2. The tor process is configured to not use the system resolver (which is tor itself ⇒ catch-22) but the DNS server obtained by NetworkManager instead. This enables the use of hostnames for proxies and pluggable transports (which is required for e.g. Meek).

  3. When we connect to the network, a NetworkManager hook starts Tor Connection in the background, i.e. non-blocking.

  4. Time syncing waits until tor has successfully bootstrapped before running. This waiting happens in systemd-land, not inside a NetworkManager hook.


Tor Connection

Tor Connection (sometimes nicknamed tca), is a graphical interface to configure tor. Configuring tor is something that we consider to be a privileged operation, because it can lead to deanonymization quite easily.

We want: - Tor Connection to run as amnesia. This is required to nicely integrate with the desktop environment - the amnesia user not to be able to configure tor. ie: an attacker exploiting Tor Browser and able to run code as amnesia, cannot change tor configuration. - Tor Connection to be able to configure tor - similarly, we want Tor Connection to be able to keep some configuration and state files that the user has no permission to read - Tor Connection to perform some specific action that require root privileges: changing the system date and time is one example of this. Those actions must not be permitted to the user outside of Tor Connection.

So that's what we do: - Tor Connection is started in a dedicated, privileged, network namespace; this is needed to be able to reach onion-grater properly; see #18123 - tca-portal is run. This is a daemon that runs as root and runs specific commands if you can access its listening socket. The listening socket is a unix domain socket, and the permissions make it so that only root can connect to it. - before Tor Connection is started, a wrapper that runs as root creates configuration/state files, applies restrictive permissions, and opens them. Those file descriptors are then passed to Tor Connection using config/chroot local-includes/usr/local/lib/connect-drop. Tor Connection will be able to read/write those files, while amnesia will not. - the same wrapper also opens a connection to tca-portal. This portal will perform specific privileged actions on behalf of Tor Connection. connect-drop is responsible for this, too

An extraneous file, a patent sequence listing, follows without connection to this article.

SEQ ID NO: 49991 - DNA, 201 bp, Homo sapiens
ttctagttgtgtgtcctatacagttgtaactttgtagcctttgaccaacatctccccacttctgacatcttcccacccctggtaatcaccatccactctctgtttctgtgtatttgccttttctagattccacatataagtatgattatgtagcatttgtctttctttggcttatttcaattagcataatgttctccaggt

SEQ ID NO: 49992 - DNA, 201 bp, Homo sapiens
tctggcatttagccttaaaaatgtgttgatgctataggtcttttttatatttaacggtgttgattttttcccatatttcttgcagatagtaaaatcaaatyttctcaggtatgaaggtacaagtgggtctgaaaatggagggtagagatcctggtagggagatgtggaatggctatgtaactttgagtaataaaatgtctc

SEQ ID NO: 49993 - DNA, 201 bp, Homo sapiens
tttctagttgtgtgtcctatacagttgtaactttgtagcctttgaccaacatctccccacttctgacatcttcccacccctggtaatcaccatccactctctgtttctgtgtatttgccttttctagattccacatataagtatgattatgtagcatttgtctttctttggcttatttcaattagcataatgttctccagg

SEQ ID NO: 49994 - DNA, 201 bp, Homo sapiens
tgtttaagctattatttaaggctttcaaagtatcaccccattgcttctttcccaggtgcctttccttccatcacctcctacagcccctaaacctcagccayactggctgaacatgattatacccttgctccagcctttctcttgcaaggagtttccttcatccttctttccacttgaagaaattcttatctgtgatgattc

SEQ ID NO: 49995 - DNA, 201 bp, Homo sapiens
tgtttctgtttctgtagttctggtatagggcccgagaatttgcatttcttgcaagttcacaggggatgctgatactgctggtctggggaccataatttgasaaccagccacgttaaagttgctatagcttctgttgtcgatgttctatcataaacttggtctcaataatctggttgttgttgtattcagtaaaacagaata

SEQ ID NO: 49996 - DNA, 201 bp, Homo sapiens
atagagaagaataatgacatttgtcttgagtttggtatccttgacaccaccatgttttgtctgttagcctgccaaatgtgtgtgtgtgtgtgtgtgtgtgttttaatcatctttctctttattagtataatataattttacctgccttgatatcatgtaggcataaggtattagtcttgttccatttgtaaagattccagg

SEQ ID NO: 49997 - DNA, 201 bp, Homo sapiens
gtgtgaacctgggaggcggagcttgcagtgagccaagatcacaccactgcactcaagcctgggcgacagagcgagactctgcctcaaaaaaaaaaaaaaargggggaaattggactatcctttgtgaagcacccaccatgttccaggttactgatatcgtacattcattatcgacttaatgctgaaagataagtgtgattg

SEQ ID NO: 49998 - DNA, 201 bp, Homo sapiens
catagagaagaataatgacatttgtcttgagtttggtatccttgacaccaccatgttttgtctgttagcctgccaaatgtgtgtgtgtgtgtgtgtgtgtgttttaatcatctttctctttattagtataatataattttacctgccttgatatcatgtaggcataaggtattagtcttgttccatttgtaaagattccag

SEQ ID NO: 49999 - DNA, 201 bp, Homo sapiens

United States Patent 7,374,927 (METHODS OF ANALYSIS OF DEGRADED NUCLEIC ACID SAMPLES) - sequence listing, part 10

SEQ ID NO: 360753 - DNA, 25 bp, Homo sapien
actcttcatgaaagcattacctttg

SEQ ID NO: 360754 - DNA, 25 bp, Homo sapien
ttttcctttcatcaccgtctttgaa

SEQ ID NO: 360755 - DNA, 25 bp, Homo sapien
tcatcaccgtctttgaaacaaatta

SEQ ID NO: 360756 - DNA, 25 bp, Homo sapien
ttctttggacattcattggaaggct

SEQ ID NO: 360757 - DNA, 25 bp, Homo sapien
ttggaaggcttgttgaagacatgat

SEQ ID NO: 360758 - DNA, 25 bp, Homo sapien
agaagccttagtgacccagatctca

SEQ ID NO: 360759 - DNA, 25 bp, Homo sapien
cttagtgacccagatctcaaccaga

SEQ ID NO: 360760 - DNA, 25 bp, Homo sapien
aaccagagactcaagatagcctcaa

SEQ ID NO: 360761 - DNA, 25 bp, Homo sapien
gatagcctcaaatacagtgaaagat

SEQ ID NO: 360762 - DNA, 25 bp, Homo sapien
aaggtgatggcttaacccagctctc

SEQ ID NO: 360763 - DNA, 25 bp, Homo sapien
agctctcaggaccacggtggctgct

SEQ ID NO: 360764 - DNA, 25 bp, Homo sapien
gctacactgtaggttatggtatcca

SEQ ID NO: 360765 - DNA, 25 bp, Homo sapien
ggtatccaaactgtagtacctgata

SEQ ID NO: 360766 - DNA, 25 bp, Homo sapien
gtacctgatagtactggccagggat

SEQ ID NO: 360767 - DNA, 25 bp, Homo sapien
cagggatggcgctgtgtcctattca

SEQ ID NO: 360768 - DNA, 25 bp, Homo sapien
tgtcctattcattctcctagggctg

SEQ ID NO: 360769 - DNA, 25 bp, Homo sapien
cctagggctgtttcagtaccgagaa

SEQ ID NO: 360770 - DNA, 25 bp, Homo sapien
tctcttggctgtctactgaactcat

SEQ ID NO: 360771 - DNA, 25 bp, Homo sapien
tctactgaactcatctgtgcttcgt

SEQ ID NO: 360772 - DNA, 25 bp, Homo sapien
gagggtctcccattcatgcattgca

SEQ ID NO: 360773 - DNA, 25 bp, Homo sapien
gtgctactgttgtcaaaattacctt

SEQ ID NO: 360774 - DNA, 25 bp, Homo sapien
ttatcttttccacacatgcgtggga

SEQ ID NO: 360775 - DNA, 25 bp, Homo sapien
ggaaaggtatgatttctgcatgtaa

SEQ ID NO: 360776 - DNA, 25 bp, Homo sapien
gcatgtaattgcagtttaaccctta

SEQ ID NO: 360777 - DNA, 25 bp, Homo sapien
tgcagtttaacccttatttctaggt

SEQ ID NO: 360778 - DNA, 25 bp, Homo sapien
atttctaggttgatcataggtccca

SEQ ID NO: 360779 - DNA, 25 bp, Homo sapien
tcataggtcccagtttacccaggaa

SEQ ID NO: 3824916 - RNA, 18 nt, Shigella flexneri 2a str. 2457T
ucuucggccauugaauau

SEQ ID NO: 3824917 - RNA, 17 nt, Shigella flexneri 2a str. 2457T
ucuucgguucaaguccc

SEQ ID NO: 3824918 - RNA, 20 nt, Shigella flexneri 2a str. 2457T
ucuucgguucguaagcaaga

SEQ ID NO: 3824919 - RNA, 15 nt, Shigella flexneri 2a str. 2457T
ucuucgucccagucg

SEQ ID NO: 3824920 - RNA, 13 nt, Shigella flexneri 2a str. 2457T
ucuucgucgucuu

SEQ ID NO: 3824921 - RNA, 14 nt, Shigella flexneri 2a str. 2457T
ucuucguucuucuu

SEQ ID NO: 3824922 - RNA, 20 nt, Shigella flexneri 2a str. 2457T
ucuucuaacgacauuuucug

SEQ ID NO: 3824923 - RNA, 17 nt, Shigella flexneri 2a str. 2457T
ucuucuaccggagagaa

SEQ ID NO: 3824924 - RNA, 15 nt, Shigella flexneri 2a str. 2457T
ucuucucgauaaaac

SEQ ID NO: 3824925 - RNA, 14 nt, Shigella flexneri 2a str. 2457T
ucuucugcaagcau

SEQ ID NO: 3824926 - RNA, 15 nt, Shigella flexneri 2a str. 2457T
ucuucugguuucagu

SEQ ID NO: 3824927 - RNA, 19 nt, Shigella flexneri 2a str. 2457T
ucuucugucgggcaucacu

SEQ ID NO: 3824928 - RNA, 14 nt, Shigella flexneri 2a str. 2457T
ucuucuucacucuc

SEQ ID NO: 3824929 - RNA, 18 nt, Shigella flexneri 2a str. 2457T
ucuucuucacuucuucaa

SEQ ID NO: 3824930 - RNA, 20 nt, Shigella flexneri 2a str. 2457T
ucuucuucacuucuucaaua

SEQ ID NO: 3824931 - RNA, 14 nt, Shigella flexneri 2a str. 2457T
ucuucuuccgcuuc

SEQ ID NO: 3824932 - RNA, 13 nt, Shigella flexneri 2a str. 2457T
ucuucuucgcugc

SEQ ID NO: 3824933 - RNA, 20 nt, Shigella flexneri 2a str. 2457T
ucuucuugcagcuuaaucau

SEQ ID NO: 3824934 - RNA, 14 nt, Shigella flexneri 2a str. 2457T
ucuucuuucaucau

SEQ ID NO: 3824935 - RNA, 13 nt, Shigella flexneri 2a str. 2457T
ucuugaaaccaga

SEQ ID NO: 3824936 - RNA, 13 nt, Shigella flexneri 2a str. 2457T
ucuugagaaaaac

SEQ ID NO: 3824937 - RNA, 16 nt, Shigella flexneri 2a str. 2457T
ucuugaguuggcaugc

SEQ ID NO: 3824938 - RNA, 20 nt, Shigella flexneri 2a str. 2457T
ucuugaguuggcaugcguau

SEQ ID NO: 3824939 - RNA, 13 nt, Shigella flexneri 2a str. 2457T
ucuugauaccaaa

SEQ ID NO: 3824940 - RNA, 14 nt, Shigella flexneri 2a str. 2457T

The code lives in: * config/chroot local-includes/usr/lib/python3/dist-packages/tca * config/chroot local-includes/usr/local/bin/tca * config/chroot local-includes/usr/share/applications/tca.desktop.in * config/chroot local-includes/usr/local/lib/tca-portal * config/chroot local-includes/lib/systemd/system/tca-portal.service * config/chroot local-includes/lib/systemd/system/tca-portal.socket

Why privileged network namespaces

The usage of unprivileged network namespaces has been considered, but they didn't seem appropriate to our requirements.

Let's suppose that we want the amnesia user to be able to enter a new network namespace on its own. Then, what would prevent the attacker to do exactly the same? Unprivileged namespaces seem to be appropriate when your software wants to drop permissions; here, we use network namespaces to become more privileged, not less.

Why connect-drop

Many programs implement the acquire-then-drop-privileges pattern on their own. Connect-drop is a dedicated helper for this. Why so?

  • Reusability. Separating building blocks is always nice.
  • Easier audit. Tor Connection is a big program, while connect-drop is a short script. Auditing it and testing it might be simpler.
  • Clearer definition of goal and threat model.
  • "Hidden" ways of gaining back privileges. Running setuid is not always enough; for example if you still have some file descriptor open, you can sometimes use that again for other purposes, violating the security goal. Of course you can just be careful about it, but having one process that runs another defines more clearly what is passed from the first process to the second.